Is it true that "I arrived when he had (already) left." is wrong?

It (supposedly) should be:

When I arrived he had (already) left.

Is it really a mistake which natives don't usually make or is it just one of those rules which is written for students and neglected by natives?

2 Answers 2


The sentence is correct and natural.

"When he had left" is an adverbial time clause that refers to the period of time starting from the time he left.


It's clear that if he had already left, you arrived AFTER his departure. So WHEN is wrong here.

However, you could say: WHEN I arrived, he had already left.

  • OK, it's clear that it's clear. But why is it WRONG?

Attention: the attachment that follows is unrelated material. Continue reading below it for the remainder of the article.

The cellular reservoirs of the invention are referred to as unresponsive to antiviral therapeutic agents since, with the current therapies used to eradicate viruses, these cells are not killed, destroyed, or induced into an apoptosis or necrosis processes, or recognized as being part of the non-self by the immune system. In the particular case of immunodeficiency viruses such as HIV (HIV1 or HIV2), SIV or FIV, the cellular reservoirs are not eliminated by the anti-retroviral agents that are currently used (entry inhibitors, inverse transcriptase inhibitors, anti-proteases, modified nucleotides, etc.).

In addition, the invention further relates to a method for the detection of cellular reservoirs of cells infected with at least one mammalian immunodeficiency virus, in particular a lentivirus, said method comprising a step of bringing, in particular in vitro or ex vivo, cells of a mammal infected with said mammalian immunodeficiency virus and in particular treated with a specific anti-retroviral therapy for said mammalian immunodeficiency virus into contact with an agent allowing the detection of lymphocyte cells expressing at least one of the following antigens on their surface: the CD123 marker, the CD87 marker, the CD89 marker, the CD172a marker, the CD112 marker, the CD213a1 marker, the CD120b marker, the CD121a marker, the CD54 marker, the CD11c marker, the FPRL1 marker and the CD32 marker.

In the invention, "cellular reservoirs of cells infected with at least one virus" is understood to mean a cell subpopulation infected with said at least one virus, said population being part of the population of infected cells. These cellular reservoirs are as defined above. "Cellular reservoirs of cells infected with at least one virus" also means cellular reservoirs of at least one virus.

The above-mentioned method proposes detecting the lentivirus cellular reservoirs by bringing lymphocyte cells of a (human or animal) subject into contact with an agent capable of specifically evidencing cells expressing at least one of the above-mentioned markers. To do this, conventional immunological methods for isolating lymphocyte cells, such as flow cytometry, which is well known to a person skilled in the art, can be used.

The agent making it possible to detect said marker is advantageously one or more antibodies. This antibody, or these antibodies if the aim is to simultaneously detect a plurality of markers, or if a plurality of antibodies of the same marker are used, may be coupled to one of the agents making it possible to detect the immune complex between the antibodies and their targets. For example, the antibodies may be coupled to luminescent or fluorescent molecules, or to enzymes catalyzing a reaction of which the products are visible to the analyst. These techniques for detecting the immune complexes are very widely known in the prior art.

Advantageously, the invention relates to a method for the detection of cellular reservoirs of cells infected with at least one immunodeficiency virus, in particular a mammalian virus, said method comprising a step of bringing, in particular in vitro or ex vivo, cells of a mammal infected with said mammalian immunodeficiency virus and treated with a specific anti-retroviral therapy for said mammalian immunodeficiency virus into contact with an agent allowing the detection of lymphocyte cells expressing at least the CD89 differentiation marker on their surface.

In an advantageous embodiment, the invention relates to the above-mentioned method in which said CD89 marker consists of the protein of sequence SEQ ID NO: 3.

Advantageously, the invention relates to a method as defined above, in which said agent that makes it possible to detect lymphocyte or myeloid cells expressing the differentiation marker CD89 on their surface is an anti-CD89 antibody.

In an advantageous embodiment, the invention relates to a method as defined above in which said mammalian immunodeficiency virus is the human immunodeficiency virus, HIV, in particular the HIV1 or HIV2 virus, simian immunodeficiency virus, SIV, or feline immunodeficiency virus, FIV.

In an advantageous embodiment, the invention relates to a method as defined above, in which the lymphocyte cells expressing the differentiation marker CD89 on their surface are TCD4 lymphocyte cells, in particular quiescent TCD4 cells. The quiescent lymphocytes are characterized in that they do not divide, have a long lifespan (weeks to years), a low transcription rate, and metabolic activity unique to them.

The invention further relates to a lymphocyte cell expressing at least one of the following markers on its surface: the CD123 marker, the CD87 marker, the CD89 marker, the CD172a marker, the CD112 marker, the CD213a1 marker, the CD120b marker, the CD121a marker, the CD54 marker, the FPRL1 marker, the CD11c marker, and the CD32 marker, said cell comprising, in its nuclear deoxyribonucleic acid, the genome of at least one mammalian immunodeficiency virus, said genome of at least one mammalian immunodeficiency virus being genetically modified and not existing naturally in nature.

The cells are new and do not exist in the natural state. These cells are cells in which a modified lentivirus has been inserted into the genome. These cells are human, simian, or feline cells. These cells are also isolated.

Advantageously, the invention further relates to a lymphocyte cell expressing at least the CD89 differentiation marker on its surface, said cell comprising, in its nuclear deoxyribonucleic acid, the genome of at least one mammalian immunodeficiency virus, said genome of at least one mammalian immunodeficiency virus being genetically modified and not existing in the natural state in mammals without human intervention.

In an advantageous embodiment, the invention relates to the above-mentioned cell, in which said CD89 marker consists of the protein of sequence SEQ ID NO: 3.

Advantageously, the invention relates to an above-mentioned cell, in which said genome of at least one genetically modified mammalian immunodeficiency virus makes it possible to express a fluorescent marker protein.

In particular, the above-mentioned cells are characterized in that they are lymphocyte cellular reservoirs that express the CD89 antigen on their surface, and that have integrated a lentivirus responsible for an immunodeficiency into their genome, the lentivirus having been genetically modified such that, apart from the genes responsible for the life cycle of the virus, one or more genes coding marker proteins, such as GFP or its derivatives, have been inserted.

– user1425
    Commented Nov 27, 2022 at 9:35
  • 2
    It would be more natural to say "I arrived after he had left." But when doesn't seem glaringly wrong to me. Commented Nov 27, 2022 at 10:11
  • @KateBunting - I'm sorry that I never knew Anelka, because I arrived when he had already left. The Guardian, 2001 - I arrived when he had already half finished. I was not present at the beginning The Invention of Eyeglasses (Edward Rosen) Journal of the History of Medicine and Allied Sciences Vol. 11, No. 1 (January, 1956) - the otter was a very respected animal, and I arrived when he had just finished cooking one. Report of Hudson Bay Programme (Canada) Commented Nov 27, 2022 at 11:42

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